• using a single DNS zone
  • Using subdomains
  • using different DNS zones

 

Using a single namespace (for internal and external hosts)

Some customers use the same DNS zone for internal and external usage. But there are some important disadvantages:

  • mismatch between security zones (like intranet, extranet, DMZ and) and DNS naming
  • when adding / merging domains the DNS is subject to redesign
  • less flexible, less automated DNS operations
  • conflict in authority with internal DNS and external DNS (managed by internet provider)

You might face some practical issues like:

  • conflicts in DNS,
  • instable operations and sub-optimal performance
  • network issues
  • complex configuration
  • less or no automated DNS operations, more manual operations
  • keeping DNS under control is less obvious

Plus, you'll face some consequences regarding network security, by the lack of segregation of (DNS) duties.

So: Single DNS domain is absolutely not advised when you need to manage internal and external resources.

 

Using different DNS names and zones

 It's completely the opposite of the previous approach. From DNS level, this is fairly simple setup, but you need to duplicate or multiply DNS configurations. And from a user perspective it might be complex or confusing, or not transparent, and inconsistent

 

DNS sub-domains of master

This is a frequently used technique to use the same TLD (top level domain) and separate the zones by subdomain. E.g. "intranet", "extranet", "DMZ" for ‘internal’ zones and just plain <domain>.<tld> for public DNS. For example:

  • intranet.example.org or corp.example.org (if your AD is named ‘CORP’)
  • extranet.example.org for applications or partner facing websites
  • DMZ.example.org for applications that need DMZ for data protection or publication,
  • and master suffix .example.org for public websites (managed by your Internet Provider)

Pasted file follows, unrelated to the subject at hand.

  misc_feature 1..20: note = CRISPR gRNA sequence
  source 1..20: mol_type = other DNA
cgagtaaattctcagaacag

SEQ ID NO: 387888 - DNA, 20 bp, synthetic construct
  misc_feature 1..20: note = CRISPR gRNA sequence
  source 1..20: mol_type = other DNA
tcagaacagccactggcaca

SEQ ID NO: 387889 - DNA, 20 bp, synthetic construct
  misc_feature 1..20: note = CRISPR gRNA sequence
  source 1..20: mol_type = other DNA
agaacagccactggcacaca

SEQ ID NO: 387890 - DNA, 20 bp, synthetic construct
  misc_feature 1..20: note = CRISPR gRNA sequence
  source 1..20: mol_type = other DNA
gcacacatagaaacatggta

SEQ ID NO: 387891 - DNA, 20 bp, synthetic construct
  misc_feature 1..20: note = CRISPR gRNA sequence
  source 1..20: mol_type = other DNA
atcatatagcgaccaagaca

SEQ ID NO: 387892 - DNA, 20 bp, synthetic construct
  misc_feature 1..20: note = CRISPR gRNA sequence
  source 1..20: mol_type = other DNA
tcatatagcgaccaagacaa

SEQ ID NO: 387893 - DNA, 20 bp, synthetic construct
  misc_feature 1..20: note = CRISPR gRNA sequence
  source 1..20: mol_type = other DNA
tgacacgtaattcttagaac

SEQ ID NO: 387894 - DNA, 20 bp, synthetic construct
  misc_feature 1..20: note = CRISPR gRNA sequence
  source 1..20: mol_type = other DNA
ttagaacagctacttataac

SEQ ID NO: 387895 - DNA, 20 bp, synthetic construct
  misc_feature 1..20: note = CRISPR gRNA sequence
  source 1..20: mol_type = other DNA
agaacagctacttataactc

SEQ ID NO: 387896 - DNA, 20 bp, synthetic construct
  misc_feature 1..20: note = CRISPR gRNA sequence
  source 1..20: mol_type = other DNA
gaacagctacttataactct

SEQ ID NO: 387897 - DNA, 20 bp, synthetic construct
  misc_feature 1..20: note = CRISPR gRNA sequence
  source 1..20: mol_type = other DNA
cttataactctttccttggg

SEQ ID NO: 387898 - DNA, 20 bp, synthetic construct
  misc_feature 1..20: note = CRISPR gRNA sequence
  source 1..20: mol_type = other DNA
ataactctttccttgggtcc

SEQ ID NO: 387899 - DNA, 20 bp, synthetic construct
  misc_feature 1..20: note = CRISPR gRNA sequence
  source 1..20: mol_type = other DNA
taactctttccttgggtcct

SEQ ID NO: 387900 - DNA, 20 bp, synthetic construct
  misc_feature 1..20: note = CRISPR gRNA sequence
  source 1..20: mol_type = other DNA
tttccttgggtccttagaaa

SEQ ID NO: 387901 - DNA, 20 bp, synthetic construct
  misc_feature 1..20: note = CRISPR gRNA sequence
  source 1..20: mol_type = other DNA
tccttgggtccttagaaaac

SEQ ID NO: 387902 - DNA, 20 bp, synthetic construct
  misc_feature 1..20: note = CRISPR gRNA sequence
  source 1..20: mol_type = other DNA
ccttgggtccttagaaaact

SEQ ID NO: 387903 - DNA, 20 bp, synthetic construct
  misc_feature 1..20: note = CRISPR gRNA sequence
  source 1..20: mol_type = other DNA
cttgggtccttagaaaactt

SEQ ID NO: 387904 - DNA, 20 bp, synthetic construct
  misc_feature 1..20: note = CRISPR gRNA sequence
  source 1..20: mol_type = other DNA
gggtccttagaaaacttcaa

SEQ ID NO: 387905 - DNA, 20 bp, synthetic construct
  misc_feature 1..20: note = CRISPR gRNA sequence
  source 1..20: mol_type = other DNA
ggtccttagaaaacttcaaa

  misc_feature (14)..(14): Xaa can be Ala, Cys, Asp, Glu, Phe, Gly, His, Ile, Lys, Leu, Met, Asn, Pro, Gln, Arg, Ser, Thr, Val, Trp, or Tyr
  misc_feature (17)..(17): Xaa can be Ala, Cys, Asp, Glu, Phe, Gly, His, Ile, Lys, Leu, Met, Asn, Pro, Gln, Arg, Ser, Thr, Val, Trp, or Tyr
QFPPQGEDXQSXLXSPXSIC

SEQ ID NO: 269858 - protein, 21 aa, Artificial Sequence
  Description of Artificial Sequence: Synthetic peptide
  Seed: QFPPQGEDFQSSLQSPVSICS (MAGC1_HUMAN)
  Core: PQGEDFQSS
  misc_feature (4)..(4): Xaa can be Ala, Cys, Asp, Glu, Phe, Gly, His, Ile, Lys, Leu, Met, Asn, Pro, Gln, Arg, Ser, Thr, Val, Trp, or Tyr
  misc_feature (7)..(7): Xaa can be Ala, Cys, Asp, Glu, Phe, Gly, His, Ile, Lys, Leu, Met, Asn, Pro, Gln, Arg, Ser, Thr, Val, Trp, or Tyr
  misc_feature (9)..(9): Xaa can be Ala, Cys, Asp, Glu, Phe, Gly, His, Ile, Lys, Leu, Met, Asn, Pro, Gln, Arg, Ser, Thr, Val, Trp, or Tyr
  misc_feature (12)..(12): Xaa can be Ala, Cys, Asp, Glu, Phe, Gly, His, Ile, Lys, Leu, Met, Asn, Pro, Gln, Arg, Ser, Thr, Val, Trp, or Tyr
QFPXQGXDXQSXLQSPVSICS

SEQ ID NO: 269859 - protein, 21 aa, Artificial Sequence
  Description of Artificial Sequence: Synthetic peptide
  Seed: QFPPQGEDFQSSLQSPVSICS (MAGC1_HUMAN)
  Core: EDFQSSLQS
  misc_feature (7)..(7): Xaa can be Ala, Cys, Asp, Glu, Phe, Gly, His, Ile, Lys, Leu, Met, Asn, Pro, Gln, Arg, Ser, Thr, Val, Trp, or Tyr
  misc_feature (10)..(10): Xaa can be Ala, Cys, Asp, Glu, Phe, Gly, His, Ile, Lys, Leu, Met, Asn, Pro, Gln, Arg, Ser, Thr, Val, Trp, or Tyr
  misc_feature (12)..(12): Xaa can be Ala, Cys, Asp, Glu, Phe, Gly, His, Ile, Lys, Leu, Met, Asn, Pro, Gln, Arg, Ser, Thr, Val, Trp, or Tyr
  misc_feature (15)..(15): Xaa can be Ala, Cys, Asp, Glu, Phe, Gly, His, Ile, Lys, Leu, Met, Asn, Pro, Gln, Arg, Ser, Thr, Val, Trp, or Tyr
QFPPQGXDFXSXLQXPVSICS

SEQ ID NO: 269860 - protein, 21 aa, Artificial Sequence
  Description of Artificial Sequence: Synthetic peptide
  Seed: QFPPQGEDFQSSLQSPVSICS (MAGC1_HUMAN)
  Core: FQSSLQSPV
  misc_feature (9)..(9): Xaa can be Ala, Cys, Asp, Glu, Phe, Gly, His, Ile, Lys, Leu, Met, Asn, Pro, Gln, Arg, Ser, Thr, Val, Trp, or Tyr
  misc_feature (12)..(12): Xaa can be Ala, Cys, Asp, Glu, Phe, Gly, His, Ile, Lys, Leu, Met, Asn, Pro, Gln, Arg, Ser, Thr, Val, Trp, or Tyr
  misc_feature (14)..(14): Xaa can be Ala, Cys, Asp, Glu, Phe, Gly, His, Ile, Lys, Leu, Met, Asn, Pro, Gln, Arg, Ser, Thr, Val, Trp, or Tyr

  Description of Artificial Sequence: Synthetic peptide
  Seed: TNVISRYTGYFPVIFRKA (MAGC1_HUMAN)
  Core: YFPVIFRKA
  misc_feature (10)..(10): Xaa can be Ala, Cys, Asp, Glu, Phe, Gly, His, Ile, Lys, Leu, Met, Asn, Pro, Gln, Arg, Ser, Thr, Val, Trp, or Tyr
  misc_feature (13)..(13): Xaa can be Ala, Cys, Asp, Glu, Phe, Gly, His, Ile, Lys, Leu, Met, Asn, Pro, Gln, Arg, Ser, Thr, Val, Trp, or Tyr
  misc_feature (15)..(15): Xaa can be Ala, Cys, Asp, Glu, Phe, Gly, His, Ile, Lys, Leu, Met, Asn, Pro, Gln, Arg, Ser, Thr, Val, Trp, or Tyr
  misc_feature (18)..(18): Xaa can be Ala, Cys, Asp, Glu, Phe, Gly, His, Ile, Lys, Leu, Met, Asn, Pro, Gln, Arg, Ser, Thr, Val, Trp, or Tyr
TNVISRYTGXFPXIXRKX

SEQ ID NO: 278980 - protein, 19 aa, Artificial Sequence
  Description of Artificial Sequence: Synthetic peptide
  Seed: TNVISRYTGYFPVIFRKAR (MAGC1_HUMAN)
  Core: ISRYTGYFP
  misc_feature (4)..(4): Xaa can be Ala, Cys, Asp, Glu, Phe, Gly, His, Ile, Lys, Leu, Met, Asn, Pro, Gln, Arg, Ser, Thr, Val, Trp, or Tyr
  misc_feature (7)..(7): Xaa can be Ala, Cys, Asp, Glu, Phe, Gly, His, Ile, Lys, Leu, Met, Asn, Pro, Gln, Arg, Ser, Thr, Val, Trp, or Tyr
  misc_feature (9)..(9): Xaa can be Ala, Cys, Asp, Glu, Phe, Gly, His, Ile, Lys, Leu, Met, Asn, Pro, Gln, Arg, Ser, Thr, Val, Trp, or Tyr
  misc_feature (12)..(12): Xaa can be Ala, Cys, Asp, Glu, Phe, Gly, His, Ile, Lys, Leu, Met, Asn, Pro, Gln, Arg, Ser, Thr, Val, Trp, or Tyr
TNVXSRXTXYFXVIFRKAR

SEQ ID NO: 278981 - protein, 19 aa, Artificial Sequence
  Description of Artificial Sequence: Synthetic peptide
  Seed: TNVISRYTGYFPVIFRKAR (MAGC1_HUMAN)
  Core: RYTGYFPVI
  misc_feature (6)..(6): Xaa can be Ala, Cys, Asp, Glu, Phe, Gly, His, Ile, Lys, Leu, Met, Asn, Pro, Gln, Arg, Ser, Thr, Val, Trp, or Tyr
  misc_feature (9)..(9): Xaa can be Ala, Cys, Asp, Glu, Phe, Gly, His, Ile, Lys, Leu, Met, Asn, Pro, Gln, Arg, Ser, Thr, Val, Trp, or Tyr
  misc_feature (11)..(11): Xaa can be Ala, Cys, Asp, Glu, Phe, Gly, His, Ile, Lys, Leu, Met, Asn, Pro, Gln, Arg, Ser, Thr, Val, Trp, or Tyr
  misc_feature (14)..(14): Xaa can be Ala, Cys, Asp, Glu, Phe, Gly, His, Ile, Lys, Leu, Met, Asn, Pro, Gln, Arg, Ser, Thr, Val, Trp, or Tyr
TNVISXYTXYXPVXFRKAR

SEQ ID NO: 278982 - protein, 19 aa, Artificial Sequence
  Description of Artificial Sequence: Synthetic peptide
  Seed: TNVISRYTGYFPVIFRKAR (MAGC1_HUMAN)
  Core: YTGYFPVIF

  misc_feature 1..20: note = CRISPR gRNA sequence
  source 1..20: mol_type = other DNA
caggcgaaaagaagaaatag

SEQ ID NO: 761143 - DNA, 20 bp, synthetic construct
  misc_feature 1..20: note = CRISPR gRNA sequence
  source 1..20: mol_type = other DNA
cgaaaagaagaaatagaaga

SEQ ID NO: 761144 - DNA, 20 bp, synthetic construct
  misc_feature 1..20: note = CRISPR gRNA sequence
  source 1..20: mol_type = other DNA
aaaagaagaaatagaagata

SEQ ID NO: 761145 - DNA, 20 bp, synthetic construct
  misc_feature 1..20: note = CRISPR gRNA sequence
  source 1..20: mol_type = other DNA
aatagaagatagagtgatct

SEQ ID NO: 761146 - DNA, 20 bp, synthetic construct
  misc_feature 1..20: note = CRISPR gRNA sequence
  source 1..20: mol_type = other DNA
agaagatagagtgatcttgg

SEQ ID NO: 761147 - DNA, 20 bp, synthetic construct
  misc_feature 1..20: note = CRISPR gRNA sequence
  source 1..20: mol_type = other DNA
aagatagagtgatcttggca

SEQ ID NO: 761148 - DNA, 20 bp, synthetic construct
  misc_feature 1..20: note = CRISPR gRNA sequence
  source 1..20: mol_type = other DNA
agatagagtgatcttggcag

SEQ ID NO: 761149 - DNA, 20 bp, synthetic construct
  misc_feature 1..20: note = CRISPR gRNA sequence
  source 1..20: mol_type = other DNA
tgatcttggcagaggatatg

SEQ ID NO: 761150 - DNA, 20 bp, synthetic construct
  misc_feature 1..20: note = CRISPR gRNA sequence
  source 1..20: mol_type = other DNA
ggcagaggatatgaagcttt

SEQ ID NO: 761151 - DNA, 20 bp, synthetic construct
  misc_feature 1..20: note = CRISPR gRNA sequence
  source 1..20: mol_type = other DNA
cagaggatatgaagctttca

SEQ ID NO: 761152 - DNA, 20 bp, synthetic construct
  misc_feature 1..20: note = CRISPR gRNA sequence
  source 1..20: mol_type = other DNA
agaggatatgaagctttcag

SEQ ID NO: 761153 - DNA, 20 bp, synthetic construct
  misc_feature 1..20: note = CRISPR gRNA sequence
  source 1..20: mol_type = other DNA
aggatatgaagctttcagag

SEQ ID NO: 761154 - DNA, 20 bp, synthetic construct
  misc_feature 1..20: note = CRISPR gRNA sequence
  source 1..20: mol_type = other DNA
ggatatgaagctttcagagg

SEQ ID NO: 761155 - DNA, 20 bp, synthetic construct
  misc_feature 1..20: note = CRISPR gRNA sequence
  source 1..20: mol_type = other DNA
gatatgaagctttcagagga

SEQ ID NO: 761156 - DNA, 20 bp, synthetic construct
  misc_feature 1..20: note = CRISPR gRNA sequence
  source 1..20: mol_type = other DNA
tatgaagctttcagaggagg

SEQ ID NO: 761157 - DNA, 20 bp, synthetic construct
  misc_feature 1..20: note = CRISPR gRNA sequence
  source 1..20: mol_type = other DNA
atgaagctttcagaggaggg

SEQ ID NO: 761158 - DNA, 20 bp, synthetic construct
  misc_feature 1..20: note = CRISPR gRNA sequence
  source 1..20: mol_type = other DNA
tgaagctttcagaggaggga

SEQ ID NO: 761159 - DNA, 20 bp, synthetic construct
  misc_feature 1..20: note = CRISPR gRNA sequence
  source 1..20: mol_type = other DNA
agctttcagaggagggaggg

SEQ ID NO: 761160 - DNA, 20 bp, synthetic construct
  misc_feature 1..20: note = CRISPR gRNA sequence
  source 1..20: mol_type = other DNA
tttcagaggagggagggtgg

The forum post just mentioned earlier discusses a technique called "DNS split brain":

In fact, you have one DNS name space, but with forwarding spaces per zone. This is a bit more complicated setup as you need to make sure the DNS servers forward the requests to the applicable zones correctly. And it does require some planning and cooperation with your internet provider.

 

Recommendation 

Microsoft strongly suggests to work with subdomains, within a publicly registered TLD domain. Check: Creating Internal and External Domains op https://technet.microsoft.com/en-us/library/cc755946(WS.10).aspx

Design Option

Management Complexity

Example

The internal domain is a subdomain of the external domain. Microsoft strongly recommends this option. For more information, see Using an Internal Subdomain. Easy to deploy and administer. An organization with an external namespace contoso.com uses the internal namespace corp.contoso.com.
The internal and external domain names are different from each other. For more information, see Using Different Internal and External Domain Names.

More complicated than previous option.

An organization uses contoso.com for its external namespace, and corp.internal for its internal namespace.

 

On top of that you need to be aware of a few rules regarding naming standards: https://support.microsoft.com/en-gb/kb/909264



Only use allowable ASCII characters when creating subdomains, A, CNAME and etc that conform to IETF standard. For more detail information, please refer to IETF RFC1035 Section 2.3 (Conventions) and other RFC Memo in the References section in this article.



References

To conclude, please find some useful reference info in one spot below:

 


Credits

 Initially posted at: Note-to-self: DNS naming best practices for internal domains and networks